By anyone’s standards, Gilda Radner is comedy royalty. She was a member of Toronto’s Second City troupe that included fellow future legends like Joe Flaherty and John Candy, the first woman cast to National Lampoon Radio Hour, and the first person hired to be part of Saturday Night Live’s inaugural season. In other words, she’s the ideal candidate for a documentary about her accomplishments and impact on the comedy world.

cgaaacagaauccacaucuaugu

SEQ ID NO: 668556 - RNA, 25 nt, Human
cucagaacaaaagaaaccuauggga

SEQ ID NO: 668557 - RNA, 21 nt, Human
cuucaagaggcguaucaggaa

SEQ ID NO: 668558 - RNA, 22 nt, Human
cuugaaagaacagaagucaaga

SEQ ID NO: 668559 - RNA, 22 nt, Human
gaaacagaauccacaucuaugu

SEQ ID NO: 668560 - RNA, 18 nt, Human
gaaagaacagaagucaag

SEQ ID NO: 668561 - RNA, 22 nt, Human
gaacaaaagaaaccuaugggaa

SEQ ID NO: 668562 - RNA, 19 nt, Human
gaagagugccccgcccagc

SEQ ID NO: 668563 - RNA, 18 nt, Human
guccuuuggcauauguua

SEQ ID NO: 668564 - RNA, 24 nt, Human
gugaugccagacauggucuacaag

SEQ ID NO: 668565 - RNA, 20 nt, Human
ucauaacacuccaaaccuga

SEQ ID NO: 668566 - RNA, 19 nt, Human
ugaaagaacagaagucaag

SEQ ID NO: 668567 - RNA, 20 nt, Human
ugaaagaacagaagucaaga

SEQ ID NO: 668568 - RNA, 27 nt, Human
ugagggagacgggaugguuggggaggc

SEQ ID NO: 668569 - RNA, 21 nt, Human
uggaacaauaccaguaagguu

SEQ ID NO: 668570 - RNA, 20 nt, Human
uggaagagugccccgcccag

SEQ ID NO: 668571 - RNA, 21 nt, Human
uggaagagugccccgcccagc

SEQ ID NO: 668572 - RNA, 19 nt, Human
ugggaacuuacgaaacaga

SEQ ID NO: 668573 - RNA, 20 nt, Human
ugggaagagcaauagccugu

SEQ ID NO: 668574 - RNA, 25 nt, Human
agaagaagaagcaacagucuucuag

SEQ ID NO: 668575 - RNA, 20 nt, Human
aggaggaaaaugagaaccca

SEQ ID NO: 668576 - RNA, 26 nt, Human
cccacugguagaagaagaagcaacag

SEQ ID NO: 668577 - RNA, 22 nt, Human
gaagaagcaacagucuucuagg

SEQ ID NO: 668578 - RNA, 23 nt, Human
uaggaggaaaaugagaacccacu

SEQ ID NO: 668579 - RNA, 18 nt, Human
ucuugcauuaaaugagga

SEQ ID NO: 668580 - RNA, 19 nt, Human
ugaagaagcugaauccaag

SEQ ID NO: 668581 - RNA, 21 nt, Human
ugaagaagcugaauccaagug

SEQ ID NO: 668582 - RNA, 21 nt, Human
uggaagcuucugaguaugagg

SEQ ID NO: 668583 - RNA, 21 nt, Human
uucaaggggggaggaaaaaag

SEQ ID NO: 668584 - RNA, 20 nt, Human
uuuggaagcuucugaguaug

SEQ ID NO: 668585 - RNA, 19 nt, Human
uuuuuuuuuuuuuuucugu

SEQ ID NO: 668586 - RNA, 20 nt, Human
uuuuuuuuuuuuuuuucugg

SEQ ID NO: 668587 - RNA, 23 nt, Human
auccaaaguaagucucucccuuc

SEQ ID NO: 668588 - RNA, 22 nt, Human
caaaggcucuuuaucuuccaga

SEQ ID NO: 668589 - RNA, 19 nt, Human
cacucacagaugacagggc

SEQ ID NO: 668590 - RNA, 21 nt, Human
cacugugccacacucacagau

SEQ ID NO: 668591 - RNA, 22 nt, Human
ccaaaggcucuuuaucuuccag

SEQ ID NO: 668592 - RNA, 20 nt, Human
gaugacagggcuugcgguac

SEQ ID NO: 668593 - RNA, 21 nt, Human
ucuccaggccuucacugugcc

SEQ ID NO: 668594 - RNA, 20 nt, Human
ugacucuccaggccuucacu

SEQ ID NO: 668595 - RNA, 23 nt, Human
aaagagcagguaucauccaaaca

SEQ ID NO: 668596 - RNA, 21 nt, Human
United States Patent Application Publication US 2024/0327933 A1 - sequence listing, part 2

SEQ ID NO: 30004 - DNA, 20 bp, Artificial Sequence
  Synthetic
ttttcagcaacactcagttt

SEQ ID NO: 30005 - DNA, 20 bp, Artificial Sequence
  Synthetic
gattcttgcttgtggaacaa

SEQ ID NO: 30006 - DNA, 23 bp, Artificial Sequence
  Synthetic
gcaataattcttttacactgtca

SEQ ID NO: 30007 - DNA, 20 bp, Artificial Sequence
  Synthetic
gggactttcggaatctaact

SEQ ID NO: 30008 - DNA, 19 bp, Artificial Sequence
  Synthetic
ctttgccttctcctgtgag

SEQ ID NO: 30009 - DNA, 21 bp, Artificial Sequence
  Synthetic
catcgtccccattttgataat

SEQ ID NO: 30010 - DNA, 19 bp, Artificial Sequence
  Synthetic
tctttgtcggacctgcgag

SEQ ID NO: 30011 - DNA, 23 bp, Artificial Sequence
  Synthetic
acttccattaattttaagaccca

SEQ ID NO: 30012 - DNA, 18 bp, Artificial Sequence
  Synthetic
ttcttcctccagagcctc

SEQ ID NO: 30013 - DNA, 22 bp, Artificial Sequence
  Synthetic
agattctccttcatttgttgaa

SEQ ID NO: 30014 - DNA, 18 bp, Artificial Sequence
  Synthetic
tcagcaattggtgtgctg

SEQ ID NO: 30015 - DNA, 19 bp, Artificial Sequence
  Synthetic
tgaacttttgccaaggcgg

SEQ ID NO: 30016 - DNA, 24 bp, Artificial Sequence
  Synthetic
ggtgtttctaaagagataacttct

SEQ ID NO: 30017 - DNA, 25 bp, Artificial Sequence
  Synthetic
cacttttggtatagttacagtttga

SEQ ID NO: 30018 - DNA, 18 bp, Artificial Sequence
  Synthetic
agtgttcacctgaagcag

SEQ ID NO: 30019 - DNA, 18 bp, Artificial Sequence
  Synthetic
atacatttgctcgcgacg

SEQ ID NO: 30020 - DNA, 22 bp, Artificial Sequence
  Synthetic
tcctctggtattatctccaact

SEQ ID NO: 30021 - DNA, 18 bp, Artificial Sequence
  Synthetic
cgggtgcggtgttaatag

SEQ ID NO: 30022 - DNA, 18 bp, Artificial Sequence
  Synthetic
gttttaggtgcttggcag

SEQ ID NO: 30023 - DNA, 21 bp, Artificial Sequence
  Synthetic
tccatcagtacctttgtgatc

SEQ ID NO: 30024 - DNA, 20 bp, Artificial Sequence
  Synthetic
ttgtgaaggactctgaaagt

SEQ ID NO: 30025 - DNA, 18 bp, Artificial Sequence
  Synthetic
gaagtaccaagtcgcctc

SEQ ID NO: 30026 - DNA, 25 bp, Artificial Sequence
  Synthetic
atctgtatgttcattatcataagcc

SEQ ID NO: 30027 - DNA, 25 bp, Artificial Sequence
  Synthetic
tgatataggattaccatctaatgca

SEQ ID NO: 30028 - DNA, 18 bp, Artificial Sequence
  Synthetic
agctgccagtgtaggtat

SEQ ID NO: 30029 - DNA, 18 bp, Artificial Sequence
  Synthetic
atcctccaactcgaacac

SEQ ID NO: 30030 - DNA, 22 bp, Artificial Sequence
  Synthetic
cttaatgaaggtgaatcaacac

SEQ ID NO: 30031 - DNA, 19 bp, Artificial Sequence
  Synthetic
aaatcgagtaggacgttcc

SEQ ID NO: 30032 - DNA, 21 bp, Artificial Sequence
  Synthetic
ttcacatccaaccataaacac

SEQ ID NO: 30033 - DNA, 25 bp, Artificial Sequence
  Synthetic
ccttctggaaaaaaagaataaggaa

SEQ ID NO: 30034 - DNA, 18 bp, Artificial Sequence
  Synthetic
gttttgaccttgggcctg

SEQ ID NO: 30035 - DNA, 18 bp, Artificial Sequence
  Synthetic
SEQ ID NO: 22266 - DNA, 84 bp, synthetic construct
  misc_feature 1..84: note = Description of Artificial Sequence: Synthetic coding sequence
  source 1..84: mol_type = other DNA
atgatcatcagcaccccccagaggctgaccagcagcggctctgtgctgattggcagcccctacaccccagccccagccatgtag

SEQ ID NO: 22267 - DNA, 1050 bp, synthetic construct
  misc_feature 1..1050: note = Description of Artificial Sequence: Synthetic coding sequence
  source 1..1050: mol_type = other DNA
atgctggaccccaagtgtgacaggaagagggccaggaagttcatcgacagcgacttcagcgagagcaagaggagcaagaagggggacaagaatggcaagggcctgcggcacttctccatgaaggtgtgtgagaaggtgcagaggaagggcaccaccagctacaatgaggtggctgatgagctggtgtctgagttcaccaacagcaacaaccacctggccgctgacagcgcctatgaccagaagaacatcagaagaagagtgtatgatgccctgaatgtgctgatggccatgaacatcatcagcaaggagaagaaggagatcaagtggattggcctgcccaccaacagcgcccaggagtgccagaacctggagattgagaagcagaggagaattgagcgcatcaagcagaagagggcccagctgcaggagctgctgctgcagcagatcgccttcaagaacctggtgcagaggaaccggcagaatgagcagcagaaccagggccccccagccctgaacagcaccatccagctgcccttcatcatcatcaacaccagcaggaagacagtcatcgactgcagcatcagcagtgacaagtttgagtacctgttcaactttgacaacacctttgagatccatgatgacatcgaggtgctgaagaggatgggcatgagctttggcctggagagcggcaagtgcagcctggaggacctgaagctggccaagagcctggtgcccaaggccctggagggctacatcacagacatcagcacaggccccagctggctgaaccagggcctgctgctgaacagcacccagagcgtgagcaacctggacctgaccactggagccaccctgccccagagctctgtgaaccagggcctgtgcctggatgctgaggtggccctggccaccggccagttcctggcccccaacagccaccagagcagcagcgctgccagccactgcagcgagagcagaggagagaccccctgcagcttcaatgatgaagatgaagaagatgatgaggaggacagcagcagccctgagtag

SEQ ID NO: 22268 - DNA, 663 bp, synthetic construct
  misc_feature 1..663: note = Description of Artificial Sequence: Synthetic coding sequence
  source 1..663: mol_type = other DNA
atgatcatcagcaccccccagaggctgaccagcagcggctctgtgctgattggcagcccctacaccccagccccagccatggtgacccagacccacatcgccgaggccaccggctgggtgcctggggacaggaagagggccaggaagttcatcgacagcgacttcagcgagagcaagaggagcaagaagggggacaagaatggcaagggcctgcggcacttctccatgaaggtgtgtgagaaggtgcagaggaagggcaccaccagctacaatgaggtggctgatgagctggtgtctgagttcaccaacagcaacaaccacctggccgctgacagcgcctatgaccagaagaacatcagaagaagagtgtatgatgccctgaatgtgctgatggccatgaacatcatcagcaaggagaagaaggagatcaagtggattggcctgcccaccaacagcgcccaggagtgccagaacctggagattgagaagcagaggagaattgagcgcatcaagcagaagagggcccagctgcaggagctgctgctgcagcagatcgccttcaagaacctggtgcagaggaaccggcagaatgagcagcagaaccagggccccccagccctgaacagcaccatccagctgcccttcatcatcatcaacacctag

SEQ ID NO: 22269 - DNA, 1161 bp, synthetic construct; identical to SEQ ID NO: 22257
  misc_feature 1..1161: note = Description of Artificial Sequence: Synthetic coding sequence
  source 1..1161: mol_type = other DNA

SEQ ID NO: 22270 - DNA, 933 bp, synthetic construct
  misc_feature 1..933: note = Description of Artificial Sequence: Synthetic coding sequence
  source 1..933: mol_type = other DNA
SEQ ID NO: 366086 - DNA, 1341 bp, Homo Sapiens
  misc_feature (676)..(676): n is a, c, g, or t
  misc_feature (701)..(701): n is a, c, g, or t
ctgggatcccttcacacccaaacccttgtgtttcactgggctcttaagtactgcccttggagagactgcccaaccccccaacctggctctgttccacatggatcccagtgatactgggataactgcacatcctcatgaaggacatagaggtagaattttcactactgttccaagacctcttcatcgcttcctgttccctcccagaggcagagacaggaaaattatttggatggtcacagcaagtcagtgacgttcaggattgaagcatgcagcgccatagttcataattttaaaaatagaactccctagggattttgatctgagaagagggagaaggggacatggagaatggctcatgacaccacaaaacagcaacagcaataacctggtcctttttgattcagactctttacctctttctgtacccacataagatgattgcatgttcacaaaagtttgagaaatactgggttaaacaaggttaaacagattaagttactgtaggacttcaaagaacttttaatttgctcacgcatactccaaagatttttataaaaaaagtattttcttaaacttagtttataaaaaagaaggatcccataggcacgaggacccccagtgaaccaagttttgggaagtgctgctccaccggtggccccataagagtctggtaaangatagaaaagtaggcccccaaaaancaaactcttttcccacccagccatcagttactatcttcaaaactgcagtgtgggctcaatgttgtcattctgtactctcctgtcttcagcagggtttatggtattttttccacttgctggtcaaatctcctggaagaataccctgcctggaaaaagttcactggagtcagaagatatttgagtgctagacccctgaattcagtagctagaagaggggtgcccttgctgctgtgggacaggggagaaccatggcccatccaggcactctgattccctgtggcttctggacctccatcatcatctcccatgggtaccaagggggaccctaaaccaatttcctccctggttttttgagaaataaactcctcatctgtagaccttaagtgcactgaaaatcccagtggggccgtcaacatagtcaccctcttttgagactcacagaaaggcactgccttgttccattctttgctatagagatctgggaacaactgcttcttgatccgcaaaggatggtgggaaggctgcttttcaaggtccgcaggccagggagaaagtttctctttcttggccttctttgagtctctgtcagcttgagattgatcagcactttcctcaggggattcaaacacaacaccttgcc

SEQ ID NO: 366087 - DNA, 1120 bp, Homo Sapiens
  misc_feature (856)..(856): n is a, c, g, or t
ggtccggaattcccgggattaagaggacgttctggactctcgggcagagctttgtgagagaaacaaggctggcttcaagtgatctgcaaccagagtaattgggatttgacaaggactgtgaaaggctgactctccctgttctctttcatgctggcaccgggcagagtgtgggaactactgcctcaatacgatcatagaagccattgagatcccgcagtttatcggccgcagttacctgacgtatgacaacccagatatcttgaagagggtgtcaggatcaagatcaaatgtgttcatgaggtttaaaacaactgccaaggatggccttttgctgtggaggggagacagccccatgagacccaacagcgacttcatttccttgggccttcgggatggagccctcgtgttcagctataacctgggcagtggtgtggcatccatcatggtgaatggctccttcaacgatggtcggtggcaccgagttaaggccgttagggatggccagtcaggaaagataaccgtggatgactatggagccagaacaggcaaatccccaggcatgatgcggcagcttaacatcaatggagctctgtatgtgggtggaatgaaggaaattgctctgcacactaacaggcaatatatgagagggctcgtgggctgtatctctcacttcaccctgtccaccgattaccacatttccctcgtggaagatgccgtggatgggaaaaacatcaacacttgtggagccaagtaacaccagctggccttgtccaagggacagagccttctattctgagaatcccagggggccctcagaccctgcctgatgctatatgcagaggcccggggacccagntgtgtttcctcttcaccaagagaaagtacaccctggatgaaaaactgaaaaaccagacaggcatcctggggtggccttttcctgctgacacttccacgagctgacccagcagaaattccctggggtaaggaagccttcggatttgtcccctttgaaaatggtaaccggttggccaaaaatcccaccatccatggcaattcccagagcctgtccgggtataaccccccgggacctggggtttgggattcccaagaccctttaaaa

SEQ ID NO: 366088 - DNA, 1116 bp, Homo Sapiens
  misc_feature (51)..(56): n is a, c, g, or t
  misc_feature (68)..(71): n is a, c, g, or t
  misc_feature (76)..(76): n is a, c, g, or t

Love, Gilda is not that film. The well-intentioned effort by director Lisa D’Apolito strives to highlight Radner’s fearless energy but gets stuck on her precipitous rise to fame and her many famous lovers, layering it all with a quaint rosy glow. It’s only when the film focuses in on the last part of its subject’s life—as she dealt with multiple bouts with cancer—that it finds depth.
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